Dextera quantumvis fuerit tibi manca, docendi

Pollebas mira dexteritate tamen. ”

Verse 16

Jdg 3:16 But Ehud made him a dagger which had two edges, of a cubit length; and he did gird it under his raiment upon his right thigh.

Ver. 16. Upon his right thigh. ] As more convenient for him that was left handed; as those that are right handed used always to wear their weapons on the left side. Hence among the Turks for place the left hand is held uppermost, for a soldier: because it giveth a man possession of his companion’s sword. a

a Sir H. Blunt’s Voy. into Lev.

Verse 17

Jdg 3:17 And he brought the present unto Eglon king of Moab: and Eglon [was] a very fat man.

Ver. 17. And Eglon was a very fat man. ] And so the better mark for Ehud, and less able to resist. His soldiers also were fat men, and stewed in their own broth. Jdg 3:29

Verse 18

Jdg 3:18 And when he had made an end to offer the present, he sent away the people that bare the present.

Ver. 18. He sent away the people that bare the present. ] It was therefore no small present, the more to ingratiate. But he sent away the men that bare it, that he might the better accomplish his design, and have the less to care for.

Verse 19

Jdg 3:19 But he himself turned again from the quarries that [were] by Gilgal, and said, I have a secret errand unto thee, O king: who said, Keep silence. And all that stood by him went out from him.

Ver. 19. From the quarries that were by Gilgal. ] Or, Graven images; stone statues set up there to be worshipped, and haply to vex the Israelites, or to entice them to idolatry: at the sight whereof, saith Fetus, Ehud’s zeal so wrought with him, that he returned and killed the king. Or haply, saith another expositor, he made a show as if he had been at Gilgal to worship before the king’s idols set up there, and something touching the king revealed unto him that he might the better get an opportunity of being alone with him.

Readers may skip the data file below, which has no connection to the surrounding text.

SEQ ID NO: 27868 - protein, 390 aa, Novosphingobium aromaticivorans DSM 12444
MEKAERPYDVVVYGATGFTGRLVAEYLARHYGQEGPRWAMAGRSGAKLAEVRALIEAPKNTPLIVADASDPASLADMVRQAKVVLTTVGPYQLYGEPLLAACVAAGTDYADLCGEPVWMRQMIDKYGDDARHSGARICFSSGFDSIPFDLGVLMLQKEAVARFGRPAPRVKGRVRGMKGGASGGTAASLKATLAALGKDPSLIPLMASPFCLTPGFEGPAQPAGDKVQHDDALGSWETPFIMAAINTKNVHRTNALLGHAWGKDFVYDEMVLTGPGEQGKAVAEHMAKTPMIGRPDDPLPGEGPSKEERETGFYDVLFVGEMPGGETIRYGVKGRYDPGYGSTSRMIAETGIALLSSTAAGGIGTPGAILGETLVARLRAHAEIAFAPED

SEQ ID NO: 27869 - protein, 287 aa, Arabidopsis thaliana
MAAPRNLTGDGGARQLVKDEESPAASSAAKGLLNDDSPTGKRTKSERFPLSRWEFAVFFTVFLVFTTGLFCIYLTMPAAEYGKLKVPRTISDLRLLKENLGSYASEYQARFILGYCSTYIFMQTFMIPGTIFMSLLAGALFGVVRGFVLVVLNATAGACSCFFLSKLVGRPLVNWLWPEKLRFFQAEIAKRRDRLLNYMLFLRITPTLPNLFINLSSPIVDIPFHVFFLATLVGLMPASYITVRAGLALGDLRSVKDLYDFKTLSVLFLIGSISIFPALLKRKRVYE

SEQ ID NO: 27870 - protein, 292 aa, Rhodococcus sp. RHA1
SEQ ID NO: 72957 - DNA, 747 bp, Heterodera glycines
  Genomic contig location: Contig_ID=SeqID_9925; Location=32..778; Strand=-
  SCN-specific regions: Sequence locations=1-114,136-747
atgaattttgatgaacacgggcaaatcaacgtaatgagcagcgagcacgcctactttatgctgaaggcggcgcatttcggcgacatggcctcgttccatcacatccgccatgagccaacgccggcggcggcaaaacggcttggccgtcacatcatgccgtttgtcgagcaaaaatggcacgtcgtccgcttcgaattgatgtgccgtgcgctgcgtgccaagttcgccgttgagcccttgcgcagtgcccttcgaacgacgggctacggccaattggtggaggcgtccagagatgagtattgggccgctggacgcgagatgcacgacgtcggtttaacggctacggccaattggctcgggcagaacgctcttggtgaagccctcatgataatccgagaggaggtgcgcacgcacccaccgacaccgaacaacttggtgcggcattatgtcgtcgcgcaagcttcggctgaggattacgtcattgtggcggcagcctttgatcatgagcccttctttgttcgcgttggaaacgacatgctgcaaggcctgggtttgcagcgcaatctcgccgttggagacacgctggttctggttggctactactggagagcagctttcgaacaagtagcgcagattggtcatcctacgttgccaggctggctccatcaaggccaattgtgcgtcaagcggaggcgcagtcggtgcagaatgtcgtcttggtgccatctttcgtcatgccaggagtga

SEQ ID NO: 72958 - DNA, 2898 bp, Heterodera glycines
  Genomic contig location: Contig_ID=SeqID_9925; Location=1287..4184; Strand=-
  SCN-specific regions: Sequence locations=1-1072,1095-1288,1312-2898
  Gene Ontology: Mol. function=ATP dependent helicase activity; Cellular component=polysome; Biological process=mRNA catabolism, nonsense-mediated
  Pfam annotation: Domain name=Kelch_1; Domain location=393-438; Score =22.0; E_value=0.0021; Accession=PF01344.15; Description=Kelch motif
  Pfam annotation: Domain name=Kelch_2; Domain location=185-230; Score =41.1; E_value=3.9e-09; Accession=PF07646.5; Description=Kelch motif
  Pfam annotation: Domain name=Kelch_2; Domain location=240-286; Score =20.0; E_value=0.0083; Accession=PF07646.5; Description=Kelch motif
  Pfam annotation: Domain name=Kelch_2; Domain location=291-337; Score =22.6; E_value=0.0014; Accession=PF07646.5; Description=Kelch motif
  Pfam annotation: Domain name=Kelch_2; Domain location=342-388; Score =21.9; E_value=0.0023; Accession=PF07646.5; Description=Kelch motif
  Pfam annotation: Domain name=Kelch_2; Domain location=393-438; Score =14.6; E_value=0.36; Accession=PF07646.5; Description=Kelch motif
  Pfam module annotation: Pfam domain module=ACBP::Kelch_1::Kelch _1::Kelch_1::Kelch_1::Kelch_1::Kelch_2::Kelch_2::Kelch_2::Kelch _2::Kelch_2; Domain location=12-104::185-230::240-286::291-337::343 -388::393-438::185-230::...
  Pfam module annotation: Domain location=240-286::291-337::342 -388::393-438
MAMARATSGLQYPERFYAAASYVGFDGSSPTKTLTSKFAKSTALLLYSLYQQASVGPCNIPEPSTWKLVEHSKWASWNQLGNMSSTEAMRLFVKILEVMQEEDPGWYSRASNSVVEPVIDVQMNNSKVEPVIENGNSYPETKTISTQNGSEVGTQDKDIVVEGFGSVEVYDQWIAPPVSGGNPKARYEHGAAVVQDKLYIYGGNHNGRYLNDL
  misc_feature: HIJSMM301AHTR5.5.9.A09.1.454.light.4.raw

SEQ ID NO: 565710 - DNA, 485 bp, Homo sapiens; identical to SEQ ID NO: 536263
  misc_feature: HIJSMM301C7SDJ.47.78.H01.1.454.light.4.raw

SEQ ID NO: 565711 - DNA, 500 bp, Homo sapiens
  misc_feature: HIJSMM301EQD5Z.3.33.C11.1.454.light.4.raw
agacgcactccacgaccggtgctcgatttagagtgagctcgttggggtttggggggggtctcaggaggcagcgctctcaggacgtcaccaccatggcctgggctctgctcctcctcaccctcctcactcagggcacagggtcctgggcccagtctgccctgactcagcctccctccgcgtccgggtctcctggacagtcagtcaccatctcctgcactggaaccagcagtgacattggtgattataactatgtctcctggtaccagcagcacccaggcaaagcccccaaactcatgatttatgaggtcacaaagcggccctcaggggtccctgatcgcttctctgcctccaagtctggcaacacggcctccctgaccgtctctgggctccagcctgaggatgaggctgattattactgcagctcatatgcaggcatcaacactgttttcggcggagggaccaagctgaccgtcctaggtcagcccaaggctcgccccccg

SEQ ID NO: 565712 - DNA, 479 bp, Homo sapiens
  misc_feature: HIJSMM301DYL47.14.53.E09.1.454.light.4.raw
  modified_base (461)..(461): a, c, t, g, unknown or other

Keep silence, ] viz., Till I have cleared the room of company. Kings are seldom without suitors and parasites; yet they have their retiring rooms, as here Eglon had a summer parlour for himself alone.

Verse 20

Jdg 3:20 And Ehud came unto him; and he was sitting in a summer parlour, which he had for himself alone. And Ehud said, I have a message from God unto thee. And he arose out of [his] seat.

Ver. 20. I have a message from God unto thee. ] Or, From the gods, for the word is plural; thy gods at Gilgal: but Elohim is commonly used for the true God. This message was his dagger. Not only the vocal admonitions of God, but also the real judgments are his errands to the world.

And he arose out of his seat. ] To show his respect to the divine majesty: this he did though a heathen, a king, a fat and unwieldy man. It is a witty note that one a here maketh: Eglon that had risen up in arms against God’s people, now riseth up in reverence to his name. God would have liked well to have had less of his courtesy and more of his obedience.

a Bishop Hall.

Verse 21

Jdg 3:21 And Ehud put forth his left hand, and took the dagger from his right thigh, and thrust it into his belly: